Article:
3 minors and 3 men are the center of attention regarding 3 rape cases, the catch? A mobile flirting app called “Skout” was the proxy by which these rapes occurred, but how could it have been prevented?
Skout is a mobile phone app used for flirting with people nearby. Like a romantic Foursquare app, it allows you to check in your location and then chat or “flirt” with those nearby you. Skout’s founder Christian Wiklund worked hard on getting a working and safe business model implemented, yet the sand still falls through the cracks.
Age restrictions seemed to be a top priority, Skout’s team of developers as well as Mr. Wiklund working hard to prevent underage users from using the app and simultaneously keeping them safe from age-inappropriate persons and content. The problem here though is that children can still lie about their birthdate and consequently their age on the app. You can even login to Skout using Facebook, which we’ve discussed in the past, has trouble monitoring and catching underage users.
“I’m disgusted by what’s happened here,” Christian Wiklund, Skout’s founder, said in an interview “One case is too many. When you have three, it looks like a pattern. This is my worst fear.”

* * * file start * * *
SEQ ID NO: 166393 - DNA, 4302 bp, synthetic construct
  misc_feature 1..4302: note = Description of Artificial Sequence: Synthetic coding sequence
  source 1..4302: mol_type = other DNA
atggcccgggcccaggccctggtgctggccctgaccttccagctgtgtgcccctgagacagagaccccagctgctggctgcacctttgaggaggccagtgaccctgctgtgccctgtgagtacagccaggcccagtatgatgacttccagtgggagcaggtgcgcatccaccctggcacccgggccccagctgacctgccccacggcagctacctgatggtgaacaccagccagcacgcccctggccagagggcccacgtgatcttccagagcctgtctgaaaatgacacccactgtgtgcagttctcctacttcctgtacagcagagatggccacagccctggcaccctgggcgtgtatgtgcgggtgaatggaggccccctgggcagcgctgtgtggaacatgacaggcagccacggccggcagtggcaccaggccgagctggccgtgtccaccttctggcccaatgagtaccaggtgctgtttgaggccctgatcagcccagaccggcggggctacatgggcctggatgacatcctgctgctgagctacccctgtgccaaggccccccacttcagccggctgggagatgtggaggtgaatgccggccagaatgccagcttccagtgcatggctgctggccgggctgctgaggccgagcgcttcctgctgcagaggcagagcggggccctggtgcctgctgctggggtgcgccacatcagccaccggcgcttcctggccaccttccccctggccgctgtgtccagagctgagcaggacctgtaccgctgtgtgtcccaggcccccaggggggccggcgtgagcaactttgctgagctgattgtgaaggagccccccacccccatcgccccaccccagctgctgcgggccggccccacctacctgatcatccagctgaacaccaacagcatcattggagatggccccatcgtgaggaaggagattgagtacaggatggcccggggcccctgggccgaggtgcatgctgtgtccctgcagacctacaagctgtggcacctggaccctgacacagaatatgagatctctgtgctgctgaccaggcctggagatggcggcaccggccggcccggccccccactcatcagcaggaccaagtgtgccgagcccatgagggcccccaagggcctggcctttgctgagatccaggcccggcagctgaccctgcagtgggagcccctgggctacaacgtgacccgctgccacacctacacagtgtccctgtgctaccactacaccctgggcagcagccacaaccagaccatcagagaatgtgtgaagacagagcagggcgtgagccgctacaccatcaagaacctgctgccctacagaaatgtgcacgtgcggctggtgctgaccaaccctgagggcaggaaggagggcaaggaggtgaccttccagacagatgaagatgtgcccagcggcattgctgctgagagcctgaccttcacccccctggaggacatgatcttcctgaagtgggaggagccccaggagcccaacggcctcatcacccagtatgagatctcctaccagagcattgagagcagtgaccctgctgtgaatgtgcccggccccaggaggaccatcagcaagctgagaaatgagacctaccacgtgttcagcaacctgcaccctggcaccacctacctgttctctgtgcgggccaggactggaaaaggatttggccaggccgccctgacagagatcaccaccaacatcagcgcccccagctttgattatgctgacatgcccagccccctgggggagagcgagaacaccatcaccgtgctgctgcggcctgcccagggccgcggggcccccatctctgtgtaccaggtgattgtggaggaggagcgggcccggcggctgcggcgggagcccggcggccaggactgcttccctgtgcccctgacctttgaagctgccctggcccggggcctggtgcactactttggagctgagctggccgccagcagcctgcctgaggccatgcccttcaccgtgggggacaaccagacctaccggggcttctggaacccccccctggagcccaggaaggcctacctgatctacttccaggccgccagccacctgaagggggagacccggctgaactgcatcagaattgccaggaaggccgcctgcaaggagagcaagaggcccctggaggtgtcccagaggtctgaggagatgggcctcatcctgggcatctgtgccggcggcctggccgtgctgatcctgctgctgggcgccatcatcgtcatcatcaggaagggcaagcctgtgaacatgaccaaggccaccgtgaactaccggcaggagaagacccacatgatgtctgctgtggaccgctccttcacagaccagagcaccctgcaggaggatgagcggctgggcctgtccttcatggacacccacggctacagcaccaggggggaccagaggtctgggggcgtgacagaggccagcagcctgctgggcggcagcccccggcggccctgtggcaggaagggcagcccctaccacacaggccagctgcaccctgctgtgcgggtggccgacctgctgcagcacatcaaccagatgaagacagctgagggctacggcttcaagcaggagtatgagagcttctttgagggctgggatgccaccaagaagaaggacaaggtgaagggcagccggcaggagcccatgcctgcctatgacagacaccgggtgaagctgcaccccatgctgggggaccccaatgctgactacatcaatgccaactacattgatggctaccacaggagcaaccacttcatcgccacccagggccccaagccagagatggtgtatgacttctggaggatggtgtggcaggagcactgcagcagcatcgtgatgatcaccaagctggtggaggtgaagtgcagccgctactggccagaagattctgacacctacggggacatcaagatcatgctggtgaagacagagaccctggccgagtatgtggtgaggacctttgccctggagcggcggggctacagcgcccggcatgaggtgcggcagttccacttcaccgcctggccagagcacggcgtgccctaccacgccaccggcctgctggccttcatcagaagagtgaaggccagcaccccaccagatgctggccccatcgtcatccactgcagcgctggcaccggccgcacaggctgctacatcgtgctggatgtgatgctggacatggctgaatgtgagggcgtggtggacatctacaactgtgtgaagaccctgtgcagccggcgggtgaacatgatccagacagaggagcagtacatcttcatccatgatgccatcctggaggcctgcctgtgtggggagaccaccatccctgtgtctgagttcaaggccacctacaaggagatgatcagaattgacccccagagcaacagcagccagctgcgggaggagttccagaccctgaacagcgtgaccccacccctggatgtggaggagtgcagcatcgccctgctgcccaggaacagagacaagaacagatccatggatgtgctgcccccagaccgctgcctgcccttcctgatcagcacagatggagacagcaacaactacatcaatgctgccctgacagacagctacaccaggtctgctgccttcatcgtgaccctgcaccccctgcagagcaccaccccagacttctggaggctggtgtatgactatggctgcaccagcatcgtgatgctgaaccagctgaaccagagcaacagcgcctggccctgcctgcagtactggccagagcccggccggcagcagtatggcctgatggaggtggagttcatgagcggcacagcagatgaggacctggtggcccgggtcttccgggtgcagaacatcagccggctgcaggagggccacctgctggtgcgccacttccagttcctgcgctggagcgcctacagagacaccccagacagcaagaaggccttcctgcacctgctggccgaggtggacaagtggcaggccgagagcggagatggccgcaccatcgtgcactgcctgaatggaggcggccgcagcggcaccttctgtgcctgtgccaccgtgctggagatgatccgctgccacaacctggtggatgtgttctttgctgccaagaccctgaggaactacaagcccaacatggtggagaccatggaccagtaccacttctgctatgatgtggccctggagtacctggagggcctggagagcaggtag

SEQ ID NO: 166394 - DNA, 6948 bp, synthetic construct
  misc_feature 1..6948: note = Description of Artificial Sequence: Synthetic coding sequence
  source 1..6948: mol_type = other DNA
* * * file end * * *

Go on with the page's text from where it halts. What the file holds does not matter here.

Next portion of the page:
A pattern is unnerving, and with an increasingly digital youth, accessing and using the Internet at a younger age each year, this risk of false ages and sexual predation becomes very real. We stated in an earlier post that 23% of the U.S.’s youth uses smart phones with online capabilities, ones that can use apps like Skout. Consider that the number of teens using smartphones is going to continually grow, it is no stretch of the mind to conceive how this age dilemma could become a plague for parents and people like Mr.Wiklund.
A 15 year-old girl, 12 year-old girl and a 13 year old boy were the victims of this exploit in the security measure taken to try and prevent such scenarios from occurring, yet there is no easy solution to kids lying about their age on the Internet to gain access to age-restricted sites, networks, or even apps such as Skout. The most reasonable and accessible solution is monitoring and educating your children, that alongside restriction or even removal of the threats.
“I thought we were doing a lot, but obviously we have to do better,” Mr. Weiss, an investment partner in Skout, said, “This is a five-alarm fire. The entire company is re-evaluating everything it’s doing.” Skout is trying work against something when they’re at a great disadvantage. Until the age loophole problem is solved, parents must find other means to protect their kids online.
The Internet has a large potential for good, for education, but also to be exploited and abused. The best protection is prevention. As a parent, being proactive in your children’s’ online behavior and lives can be the best protection of all. Actively monitoring and controlling where your children go and what they see can be an excellent defense as well as an opportunity to teach online responsibility.
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